• An Essentialist produces more—brings forth more—by removing more instead of doing more.

  • Removing obstacles does not have to be hard or take a superhuman effort. Instead, we can start small. It’s kind of like dislodging a boulder at the top of a hill. All it takes is a small shove, then momentum will naturally build.

Every day do something that will inch you closer to a better tomorrow. — Doug Firebaugh

  • Research has shown that of all forms of human motivation the most effective one is progress. Why? Because a small, concrete win creates momentum and affirms our faith in our further success.

  • Instead of starting big and then flaring out with nothing to show for it other than time and energy wasted, to really get essential things done we need to start small and build momentum. Then we can use that momentum to work toward the next win, and the next one and so on until we have a significant breakthrough—and when we do, our progress will have become so frictionless and effortless that the breakthrough will seem like overnight success.

  • There are two opposing ways to approach an important goal or deadline. You can start early and small or start late and big. “Late and big”means doing it all at the last minute: pulling an all-nighter and “making it happen.”“Early and small”means starting at the earliest possible moment with the minimal possible time investment.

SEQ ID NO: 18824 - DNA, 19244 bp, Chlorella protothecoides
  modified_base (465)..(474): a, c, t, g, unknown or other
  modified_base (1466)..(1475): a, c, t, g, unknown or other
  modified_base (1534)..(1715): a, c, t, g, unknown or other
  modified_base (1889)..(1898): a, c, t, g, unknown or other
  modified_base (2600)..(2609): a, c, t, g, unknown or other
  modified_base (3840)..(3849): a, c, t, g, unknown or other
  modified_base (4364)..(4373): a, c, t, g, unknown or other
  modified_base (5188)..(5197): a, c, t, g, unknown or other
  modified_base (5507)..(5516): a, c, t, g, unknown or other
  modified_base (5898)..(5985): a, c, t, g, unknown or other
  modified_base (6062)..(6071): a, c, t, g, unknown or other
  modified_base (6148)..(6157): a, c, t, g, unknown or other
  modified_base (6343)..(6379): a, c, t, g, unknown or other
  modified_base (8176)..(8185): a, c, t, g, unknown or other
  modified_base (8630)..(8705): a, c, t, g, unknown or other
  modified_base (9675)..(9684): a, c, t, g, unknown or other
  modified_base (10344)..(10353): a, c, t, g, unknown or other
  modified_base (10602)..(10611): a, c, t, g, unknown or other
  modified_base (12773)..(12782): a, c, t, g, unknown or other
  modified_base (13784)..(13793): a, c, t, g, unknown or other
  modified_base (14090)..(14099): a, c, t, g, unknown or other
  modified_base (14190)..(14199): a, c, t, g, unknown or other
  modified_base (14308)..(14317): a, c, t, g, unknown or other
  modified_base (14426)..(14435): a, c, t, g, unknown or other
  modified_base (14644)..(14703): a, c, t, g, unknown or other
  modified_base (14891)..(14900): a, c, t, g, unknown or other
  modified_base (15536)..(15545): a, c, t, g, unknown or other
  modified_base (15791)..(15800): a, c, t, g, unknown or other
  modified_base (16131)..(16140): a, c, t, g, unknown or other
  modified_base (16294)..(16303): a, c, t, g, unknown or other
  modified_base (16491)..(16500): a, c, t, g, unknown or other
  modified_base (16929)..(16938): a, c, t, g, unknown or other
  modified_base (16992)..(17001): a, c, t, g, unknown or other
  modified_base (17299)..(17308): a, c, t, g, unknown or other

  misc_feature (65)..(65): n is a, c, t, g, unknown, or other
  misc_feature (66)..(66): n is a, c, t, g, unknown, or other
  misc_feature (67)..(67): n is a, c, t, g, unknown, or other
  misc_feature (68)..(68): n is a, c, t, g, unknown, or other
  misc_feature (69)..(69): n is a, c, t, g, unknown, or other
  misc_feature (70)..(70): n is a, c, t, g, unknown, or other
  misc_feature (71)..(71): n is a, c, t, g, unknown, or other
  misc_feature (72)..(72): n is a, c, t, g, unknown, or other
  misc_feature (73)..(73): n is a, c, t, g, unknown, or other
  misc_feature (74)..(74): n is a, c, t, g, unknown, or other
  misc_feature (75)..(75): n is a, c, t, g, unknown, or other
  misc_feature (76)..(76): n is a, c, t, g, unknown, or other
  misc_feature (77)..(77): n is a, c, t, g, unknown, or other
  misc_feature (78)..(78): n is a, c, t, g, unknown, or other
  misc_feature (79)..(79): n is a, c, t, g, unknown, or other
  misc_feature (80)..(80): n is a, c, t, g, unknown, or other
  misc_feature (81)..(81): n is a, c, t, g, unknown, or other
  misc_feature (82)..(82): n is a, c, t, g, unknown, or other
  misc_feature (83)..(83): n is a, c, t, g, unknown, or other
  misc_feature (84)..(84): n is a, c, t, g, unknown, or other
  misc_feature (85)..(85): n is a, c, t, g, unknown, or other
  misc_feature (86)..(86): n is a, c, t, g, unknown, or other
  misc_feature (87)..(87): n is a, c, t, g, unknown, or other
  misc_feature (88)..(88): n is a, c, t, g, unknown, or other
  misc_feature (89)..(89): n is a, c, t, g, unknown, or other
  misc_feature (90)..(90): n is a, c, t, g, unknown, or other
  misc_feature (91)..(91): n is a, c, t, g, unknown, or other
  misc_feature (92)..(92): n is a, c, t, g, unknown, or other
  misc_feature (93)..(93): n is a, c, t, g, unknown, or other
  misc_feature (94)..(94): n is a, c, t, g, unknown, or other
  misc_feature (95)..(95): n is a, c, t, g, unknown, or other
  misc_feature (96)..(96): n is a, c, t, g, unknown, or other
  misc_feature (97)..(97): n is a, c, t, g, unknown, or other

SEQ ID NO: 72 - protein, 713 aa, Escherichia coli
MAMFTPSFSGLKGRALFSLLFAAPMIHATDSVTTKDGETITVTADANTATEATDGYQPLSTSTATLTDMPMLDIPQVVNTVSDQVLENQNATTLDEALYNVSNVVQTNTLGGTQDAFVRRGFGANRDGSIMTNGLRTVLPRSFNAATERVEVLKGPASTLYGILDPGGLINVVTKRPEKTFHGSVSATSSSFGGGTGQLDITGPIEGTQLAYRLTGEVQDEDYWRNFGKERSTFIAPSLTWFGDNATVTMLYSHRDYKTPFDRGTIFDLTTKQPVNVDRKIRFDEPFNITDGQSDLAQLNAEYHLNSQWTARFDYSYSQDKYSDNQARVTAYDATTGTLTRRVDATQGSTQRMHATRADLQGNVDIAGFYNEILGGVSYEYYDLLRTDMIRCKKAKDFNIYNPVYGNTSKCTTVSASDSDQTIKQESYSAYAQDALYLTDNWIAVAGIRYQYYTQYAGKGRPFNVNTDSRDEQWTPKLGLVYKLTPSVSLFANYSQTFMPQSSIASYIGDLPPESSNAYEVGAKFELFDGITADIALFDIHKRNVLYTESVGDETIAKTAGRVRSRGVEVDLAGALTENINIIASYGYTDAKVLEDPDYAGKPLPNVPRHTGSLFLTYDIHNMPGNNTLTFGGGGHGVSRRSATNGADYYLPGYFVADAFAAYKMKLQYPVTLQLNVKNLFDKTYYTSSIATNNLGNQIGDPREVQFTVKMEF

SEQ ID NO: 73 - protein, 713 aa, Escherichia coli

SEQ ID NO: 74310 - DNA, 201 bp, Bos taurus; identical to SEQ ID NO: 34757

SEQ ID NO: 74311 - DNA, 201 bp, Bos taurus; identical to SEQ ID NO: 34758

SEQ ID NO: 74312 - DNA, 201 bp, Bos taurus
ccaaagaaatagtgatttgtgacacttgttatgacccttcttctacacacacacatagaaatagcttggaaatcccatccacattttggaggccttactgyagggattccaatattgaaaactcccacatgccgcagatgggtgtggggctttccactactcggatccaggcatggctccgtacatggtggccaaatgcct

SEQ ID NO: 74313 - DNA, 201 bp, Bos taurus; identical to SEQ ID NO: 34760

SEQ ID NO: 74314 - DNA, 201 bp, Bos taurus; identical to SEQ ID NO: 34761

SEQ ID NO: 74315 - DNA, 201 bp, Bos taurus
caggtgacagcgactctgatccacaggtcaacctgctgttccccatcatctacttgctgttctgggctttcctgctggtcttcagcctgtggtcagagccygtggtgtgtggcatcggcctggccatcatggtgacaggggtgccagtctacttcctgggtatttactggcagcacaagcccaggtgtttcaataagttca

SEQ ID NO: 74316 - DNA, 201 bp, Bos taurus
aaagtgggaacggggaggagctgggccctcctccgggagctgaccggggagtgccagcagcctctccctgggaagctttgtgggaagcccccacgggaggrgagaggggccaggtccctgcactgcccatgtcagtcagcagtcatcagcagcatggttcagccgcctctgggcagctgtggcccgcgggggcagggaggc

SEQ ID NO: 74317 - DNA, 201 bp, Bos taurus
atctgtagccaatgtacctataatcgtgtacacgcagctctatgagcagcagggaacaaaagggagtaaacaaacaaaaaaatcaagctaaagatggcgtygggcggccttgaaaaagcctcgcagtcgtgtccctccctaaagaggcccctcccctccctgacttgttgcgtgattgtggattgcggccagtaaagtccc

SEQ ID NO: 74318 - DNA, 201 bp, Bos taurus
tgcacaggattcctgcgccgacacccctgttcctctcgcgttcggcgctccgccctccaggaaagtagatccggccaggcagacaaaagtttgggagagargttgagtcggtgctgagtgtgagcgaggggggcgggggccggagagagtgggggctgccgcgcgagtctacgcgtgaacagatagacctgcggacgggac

• When we start small and reward progress, we end up achieving more than when we set big, lofty, and often impossible goals. And as a bonus, the act of positively reinforcing our successes allows us to reap more enjoyment and satisfaction out of the process.

Routine, in an intelligent man, is a sign of ambition. — W. H. Auden

  • Routine is one of the most powerful tools for removing obstacles.

Life is available only in the present moment. If you abandon the present moment you cannot live the moments of your daily life deeply. — Thich Nhat Hanh

  • Multitasking itself is not the enemy of Essentialism; pretending we can “multifocus” is.

  • When faced with so many tasks and obligations that you can’t figure out which to tackle first, stop. Take a deep breath. Get present in the moment and ask yourself what is most important this very second—not what’s most important tomorrow or even an hour from now.

Beware the barrenness of a busy life. — Socrates